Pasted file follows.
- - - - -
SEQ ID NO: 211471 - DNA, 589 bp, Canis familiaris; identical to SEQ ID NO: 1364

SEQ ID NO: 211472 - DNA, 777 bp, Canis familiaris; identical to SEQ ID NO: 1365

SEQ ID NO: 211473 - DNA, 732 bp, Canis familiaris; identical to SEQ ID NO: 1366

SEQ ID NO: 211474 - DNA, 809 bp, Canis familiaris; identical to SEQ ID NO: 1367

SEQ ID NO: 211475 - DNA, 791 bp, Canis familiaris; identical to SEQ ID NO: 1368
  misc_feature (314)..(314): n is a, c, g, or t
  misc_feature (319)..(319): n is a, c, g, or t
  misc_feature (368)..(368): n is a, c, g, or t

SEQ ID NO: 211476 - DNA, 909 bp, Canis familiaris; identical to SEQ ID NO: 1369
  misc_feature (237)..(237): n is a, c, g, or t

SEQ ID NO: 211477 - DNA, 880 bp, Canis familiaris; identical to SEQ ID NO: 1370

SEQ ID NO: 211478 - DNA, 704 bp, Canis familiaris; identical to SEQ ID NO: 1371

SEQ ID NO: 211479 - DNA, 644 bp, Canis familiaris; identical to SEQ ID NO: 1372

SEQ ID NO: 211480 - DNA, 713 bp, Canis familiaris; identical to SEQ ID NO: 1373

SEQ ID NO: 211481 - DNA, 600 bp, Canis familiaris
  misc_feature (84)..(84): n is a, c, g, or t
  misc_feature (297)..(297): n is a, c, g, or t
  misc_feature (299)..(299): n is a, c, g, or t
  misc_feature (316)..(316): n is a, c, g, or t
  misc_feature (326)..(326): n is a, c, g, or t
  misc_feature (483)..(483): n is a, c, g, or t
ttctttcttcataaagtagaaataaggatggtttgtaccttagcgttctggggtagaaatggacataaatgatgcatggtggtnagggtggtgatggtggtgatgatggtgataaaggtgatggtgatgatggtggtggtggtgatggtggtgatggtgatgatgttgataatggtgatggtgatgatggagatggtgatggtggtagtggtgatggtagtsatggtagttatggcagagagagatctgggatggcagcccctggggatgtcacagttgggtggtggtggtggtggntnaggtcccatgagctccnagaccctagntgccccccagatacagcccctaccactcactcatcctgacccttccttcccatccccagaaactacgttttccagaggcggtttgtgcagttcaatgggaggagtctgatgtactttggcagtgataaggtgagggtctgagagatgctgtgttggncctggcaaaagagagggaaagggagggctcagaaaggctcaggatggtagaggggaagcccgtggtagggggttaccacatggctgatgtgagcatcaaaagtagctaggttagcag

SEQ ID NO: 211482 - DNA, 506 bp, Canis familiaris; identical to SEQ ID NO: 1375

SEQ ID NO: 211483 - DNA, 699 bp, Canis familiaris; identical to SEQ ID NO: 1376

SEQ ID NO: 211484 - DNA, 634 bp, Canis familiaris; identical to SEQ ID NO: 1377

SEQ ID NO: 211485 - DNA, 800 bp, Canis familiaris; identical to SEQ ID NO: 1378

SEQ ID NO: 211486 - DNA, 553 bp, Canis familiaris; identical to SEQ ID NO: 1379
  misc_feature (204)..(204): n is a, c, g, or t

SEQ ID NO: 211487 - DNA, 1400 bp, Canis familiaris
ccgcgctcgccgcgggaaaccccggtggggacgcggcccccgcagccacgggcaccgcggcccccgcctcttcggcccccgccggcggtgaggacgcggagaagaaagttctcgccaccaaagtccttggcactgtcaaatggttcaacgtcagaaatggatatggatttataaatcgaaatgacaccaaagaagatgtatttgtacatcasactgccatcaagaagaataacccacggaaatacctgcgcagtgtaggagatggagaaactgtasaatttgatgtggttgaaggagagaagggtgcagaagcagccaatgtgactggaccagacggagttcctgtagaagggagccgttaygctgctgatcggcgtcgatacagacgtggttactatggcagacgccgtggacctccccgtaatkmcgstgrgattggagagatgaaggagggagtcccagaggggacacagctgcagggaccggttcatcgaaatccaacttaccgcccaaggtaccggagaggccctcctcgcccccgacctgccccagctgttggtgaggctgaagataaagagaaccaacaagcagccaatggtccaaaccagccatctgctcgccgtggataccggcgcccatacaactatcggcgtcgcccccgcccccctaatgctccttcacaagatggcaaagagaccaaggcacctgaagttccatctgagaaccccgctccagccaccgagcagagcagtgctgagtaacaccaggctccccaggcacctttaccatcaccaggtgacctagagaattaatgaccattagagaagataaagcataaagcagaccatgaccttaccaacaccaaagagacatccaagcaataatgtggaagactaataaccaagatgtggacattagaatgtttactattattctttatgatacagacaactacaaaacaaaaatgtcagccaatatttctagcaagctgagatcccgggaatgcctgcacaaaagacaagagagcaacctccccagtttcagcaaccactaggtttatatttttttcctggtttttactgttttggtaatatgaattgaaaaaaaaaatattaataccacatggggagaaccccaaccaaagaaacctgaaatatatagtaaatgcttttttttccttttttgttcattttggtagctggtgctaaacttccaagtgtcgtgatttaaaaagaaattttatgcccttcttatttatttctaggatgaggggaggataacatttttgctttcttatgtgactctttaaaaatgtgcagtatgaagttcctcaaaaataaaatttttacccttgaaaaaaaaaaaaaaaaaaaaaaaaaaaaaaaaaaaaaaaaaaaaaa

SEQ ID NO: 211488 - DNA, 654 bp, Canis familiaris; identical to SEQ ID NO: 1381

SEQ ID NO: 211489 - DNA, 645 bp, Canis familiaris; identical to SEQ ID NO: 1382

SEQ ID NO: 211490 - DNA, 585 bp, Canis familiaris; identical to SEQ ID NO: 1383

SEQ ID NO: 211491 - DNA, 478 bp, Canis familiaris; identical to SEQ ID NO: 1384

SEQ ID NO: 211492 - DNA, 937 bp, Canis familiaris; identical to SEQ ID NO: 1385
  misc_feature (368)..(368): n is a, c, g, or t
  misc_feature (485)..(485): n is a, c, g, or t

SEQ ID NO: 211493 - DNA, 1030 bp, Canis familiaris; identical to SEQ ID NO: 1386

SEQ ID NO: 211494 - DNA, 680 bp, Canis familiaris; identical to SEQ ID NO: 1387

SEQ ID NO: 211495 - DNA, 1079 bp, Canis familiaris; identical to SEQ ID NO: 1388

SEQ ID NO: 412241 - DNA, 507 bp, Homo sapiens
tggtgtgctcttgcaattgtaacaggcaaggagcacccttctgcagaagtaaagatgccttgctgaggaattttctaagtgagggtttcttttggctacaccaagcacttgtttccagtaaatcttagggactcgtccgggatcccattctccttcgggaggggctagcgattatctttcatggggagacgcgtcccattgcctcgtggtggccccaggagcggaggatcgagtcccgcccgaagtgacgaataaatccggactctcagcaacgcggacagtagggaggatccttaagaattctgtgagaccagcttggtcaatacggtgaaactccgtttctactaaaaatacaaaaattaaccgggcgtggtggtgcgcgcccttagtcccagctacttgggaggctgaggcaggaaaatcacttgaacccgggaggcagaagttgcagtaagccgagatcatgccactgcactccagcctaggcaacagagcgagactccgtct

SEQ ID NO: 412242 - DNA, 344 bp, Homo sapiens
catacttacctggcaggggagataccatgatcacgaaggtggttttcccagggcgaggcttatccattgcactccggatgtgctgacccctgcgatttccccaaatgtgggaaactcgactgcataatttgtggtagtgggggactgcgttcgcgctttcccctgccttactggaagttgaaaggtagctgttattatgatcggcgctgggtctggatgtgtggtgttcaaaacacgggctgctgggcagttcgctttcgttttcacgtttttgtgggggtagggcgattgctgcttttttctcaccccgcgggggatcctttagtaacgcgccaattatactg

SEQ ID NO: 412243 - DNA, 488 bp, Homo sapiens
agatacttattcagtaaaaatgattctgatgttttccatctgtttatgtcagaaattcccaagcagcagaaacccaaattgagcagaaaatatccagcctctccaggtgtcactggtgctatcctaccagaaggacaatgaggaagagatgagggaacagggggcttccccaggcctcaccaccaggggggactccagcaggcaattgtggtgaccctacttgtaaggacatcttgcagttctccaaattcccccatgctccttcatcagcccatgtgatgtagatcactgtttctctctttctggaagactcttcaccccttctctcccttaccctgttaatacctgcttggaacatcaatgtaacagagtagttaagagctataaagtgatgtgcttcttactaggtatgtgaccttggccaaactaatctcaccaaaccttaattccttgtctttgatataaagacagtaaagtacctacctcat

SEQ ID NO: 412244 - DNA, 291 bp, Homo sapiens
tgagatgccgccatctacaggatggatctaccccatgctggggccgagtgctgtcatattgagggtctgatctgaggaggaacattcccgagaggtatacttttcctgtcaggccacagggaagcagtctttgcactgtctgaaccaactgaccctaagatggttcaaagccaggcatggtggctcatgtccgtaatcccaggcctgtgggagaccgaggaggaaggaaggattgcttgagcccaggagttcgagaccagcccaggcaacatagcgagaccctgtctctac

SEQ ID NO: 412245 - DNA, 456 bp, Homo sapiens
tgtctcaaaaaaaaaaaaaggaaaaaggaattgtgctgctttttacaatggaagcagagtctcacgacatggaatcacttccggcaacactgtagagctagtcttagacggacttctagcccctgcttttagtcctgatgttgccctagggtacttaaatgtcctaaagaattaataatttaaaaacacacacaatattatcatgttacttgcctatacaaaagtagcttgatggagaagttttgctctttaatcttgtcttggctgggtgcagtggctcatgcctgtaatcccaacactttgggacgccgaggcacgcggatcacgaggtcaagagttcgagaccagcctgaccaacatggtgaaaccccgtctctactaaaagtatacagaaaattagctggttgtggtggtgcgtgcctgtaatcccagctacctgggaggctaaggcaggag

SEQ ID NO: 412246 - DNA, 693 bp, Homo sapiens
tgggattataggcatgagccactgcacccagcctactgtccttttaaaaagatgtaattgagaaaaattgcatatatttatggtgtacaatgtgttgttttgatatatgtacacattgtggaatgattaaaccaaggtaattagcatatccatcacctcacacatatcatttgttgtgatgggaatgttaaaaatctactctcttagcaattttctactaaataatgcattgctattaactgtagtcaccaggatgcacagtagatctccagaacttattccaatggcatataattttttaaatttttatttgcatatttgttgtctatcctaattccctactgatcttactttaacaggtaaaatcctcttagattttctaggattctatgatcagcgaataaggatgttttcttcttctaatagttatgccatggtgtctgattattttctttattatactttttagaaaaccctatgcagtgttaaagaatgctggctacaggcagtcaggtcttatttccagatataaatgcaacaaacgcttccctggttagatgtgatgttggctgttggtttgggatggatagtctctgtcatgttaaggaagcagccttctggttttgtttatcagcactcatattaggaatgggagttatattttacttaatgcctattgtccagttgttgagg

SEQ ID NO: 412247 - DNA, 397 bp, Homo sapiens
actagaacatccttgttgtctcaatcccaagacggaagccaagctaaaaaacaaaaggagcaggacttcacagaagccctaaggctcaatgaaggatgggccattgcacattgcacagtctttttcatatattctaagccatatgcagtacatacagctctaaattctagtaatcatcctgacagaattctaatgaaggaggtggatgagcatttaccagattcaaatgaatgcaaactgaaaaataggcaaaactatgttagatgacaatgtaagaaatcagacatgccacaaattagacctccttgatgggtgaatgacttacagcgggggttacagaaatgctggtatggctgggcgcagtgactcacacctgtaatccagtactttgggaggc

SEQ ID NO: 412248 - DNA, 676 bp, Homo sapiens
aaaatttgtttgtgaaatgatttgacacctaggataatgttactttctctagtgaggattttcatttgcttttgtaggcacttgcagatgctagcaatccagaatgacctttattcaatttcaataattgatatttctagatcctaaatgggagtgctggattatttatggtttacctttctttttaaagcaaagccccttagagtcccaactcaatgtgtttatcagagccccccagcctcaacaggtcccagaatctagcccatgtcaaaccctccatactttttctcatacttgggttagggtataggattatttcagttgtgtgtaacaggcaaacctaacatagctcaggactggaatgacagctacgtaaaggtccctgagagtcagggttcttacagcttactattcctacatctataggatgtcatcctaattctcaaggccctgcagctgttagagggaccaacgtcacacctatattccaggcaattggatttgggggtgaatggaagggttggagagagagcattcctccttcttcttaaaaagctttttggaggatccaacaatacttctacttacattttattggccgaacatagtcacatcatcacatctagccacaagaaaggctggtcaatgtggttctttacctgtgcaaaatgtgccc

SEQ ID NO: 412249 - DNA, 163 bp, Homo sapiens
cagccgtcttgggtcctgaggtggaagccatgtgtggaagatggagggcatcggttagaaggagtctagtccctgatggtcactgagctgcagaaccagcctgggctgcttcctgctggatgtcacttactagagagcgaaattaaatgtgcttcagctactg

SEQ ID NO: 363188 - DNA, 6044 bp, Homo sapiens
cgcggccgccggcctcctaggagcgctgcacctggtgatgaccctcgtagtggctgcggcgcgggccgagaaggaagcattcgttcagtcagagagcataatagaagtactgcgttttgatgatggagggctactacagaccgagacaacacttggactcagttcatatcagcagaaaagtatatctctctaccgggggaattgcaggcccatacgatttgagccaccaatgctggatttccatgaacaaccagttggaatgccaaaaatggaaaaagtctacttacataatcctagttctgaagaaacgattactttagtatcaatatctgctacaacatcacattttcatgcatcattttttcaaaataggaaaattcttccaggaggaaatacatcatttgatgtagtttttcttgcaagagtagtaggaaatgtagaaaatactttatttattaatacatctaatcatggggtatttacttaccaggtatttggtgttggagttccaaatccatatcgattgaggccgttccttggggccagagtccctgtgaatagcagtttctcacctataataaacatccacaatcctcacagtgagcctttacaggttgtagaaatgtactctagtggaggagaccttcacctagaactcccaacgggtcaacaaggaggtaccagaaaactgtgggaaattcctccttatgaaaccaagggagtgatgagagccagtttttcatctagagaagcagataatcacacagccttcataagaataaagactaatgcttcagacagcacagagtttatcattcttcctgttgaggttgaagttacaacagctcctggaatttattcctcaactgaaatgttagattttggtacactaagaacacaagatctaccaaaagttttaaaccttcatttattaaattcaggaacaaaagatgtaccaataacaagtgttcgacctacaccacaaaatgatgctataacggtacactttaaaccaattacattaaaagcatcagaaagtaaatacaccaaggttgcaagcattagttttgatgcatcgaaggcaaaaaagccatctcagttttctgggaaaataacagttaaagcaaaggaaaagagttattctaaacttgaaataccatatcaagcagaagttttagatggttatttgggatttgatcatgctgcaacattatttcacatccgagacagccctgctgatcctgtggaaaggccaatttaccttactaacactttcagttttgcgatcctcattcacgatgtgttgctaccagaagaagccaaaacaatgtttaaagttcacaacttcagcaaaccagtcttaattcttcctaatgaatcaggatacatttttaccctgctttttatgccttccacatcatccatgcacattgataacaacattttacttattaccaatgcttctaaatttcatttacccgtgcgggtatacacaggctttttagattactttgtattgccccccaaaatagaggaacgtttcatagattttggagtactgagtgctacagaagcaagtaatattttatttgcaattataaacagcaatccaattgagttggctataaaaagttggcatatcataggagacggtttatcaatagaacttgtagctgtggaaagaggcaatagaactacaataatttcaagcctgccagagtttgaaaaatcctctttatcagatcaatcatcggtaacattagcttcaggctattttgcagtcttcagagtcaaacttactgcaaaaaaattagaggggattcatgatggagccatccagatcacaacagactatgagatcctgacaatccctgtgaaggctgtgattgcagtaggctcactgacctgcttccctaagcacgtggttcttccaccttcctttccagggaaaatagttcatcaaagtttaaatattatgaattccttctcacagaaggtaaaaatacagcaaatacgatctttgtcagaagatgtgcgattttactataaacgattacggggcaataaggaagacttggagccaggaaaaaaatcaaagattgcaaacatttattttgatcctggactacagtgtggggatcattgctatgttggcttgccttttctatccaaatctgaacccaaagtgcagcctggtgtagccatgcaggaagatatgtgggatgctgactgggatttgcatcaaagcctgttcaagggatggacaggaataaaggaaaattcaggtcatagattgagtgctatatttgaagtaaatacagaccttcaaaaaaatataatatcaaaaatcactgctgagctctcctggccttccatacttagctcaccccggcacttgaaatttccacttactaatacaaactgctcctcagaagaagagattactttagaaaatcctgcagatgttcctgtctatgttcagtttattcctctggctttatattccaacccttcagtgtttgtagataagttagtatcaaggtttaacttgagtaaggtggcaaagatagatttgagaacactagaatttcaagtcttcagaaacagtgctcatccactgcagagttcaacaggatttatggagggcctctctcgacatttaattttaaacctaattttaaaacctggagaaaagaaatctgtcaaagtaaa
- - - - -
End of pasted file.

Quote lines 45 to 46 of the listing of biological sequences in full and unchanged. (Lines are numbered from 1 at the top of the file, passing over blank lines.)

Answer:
SEQ ID NO: 412243 - DNA, 488 bp, Homo sapiens
agatacttattcagtaaaaatgattctgatgttttccatctgtttatgtcagaaattcccaagcagcagaaacccaaattgagcagaaaatatccagcctctccaggtgtcactggtgctatcctaccagaaggacaatgaggaagagatgagggaacagggggcttccccaggcctcaccaccaggggggactccagcaggcaattgtggtgaccctacttgtaaggacatcttgcagttctccaaattcccccatgctccttcatcagcccatgtgatgtagatcactgtttctctctttctggaagactcttcaccccttctctcccttaccctgttaatacctgcttggaacatcaatgtaacagagtagttaagagctataaagtgatgtgcttcttactaggtatgtgaccttggccaaactaatctcaccaaaccttaattccttgtctttgatataaagacagtaaagtacctacctcat